Saturday 20 January 2018


Aristotle and Dante Discover the Secrets of the Universe (Aristotle and Dante Discover the Secrets of the Universe, #1)
My rating: 5 of 5 stars

OMG. I LOVED this book. SO much!

My daughter bought and read this book a few years back, and has been telling me to read it for ages. She said I would love it... so when I was putting my current TBR pile together, she added it on there.

And my gosh, she was right. I did love it. As soon as I started reading on Friday afternoon, I was hooked. I just wanted to get a taste, but Ari's voice grabbed my attention and I ended up reading the first 50 pages in one sitting.

How could I not be intrigued by his very intimate voice? Or that the story starts with the mention of a Heart song, followed by Los Lobos? Yeah. I was totally there. Plus, everyone knows I have a thing for the 80s.

Aristotle and Dante meet the summer they're both 15. When Dante offers to teach Ari how to swim, these two very different boys embark on an unexpected friendship.

Ari's a bit standoffish, doesn't have any real friends, and spends a lot of time in his head. His parents are lovely, but between having an older brother in prison and his father's time in Vietnam, they hoard too many secrets.

Dante's the kind of guy who shares just about everything he's feeling. He loves art, likes animals, and hates wearing shoes. His parents are both professionals. They're also very kind, and are open about everything with their son. And for that, he loves them in a way most teenagers don't seem to.

Together, the boys develop an intense friendship that forms a deep bond neither is able to break. No matter how hard Ari tries to stay aloof, Dante's under his skin and as they get older and the world changes around them, they'll both realise just how much they mean to each other...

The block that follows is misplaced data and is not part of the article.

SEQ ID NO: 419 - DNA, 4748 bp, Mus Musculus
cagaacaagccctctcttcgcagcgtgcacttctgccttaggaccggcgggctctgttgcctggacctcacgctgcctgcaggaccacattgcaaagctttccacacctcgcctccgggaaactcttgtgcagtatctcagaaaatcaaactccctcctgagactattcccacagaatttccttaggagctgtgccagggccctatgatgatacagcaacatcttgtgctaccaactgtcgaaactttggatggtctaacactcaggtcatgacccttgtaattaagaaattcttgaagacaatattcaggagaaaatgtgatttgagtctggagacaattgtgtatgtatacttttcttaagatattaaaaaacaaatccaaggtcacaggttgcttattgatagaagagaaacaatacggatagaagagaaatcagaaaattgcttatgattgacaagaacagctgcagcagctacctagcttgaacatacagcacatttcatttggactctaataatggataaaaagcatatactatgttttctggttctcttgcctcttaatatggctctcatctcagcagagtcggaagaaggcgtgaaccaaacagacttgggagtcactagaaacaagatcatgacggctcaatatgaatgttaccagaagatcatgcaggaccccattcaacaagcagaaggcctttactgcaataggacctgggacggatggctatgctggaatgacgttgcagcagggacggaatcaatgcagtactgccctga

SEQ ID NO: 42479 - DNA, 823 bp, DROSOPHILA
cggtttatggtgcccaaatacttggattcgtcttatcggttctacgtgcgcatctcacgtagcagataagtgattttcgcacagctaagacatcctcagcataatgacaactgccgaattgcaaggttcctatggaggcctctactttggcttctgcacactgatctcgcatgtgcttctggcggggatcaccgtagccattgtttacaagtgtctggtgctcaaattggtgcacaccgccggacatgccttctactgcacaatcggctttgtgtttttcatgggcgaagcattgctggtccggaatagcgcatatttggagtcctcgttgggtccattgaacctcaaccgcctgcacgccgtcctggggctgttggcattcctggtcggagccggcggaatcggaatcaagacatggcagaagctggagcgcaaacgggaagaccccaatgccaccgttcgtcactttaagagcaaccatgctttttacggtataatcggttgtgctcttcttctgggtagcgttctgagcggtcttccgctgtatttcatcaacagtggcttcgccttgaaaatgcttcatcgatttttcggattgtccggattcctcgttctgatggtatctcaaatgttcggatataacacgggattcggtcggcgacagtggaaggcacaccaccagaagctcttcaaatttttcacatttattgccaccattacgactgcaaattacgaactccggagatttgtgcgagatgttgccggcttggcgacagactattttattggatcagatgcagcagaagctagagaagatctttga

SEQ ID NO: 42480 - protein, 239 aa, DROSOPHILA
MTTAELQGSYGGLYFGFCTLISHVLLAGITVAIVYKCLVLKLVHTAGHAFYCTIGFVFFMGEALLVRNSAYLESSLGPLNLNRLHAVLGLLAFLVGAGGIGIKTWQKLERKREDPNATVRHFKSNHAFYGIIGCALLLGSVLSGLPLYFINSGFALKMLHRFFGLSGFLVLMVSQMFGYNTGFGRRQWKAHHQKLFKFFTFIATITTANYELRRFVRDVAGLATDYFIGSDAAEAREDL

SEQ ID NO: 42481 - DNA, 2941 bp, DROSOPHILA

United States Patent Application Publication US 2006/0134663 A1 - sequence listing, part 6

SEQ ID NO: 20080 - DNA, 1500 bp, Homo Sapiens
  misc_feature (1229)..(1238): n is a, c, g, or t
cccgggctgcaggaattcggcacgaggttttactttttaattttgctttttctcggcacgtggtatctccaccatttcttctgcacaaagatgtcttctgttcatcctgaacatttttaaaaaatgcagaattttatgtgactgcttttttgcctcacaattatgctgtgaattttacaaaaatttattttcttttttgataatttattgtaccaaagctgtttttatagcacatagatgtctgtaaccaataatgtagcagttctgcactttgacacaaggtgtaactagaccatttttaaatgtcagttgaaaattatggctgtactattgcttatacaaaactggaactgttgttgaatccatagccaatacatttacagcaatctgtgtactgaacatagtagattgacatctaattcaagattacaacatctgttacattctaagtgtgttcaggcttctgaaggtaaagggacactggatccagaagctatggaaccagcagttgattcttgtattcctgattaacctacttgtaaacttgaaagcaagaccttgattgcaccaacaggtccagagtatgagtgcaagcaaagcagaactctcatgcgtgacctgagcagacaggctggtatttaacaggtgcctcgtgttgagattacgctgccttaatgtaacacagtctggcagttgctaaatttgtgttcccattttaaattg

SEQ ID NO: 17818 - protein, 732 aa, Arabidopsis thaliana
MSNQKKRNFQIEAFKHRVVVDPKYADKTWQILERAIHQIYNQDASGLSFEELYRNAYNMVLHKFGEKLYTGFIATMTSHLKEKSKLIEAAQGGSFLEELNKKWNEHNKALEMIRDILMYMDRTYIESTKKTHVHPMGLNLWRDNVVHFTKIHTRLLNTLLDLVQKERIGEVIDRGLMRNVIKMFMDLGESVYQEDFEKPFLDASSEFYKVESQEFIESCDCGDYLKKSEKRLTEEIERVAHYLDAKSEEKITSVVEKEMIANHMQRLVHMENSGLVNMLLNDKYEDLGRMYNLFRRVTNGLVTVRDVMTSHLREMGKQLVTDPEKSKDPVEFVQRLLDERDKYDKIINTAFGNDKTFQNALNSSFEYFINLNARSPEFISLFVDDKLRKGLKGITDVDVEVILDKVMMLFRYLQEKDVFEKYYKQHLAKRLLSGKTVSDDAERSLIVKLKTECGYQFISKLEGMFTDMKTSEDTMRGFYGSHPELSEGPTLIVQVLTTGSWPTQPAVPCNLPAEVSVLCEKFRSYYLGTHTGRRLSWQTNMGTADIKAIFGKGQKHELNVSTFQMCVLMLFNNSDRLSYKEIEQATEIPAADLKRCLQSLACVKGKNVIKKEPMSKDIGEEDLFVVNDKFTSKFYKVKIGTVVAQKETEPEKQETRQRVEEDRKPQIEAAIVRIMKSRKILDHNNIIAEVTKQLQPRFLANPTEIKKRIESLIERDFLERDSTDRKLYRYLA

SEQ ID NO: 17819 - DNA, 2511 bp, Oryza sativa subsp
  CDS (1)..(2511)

Wow. This book is totally captivating.

I loved spending so much time in Ari's head. I loved how wonderful Dante was. I loved how their parents seemed so different, but really weren't. I loved how the bonds of friendship is explored in such a raw and honest way. I loved how it developed into something deeper, yet the narrator refused to see it. And I absolutely loved how this story delves into the different levels of what it means to be an immigrant's child.

It was amazing how much I related to being caught between two cultures. I know because I lived through exactly this. In the 80s. While growing up, I was always caught between not being Australian enough for Aussies, and not being Spanish enough for Spaniards. No wonder I love this book with an intensity I didn't expect!

Not to mention the parents. Both sets of parents are real people with their own awesome qualities, flaws and ambitions. They love their kids so much they unintentionally end up hurting them with such fierce protectiveness. Not realising how they're damaging their kids. This is especially true with Ari's parents. The family secrets don't help Ari, thet haunt and change him.

Everything about this story wormed its way into my heart. I couldn't put it down. Didn't want to. It's honest, heartbreaking, happy, sad, tragic--and everything in between. Plus, Legs! That dog was as adorable as this story.

Why did I wait so long to read this beautiful book? It was such a joy.

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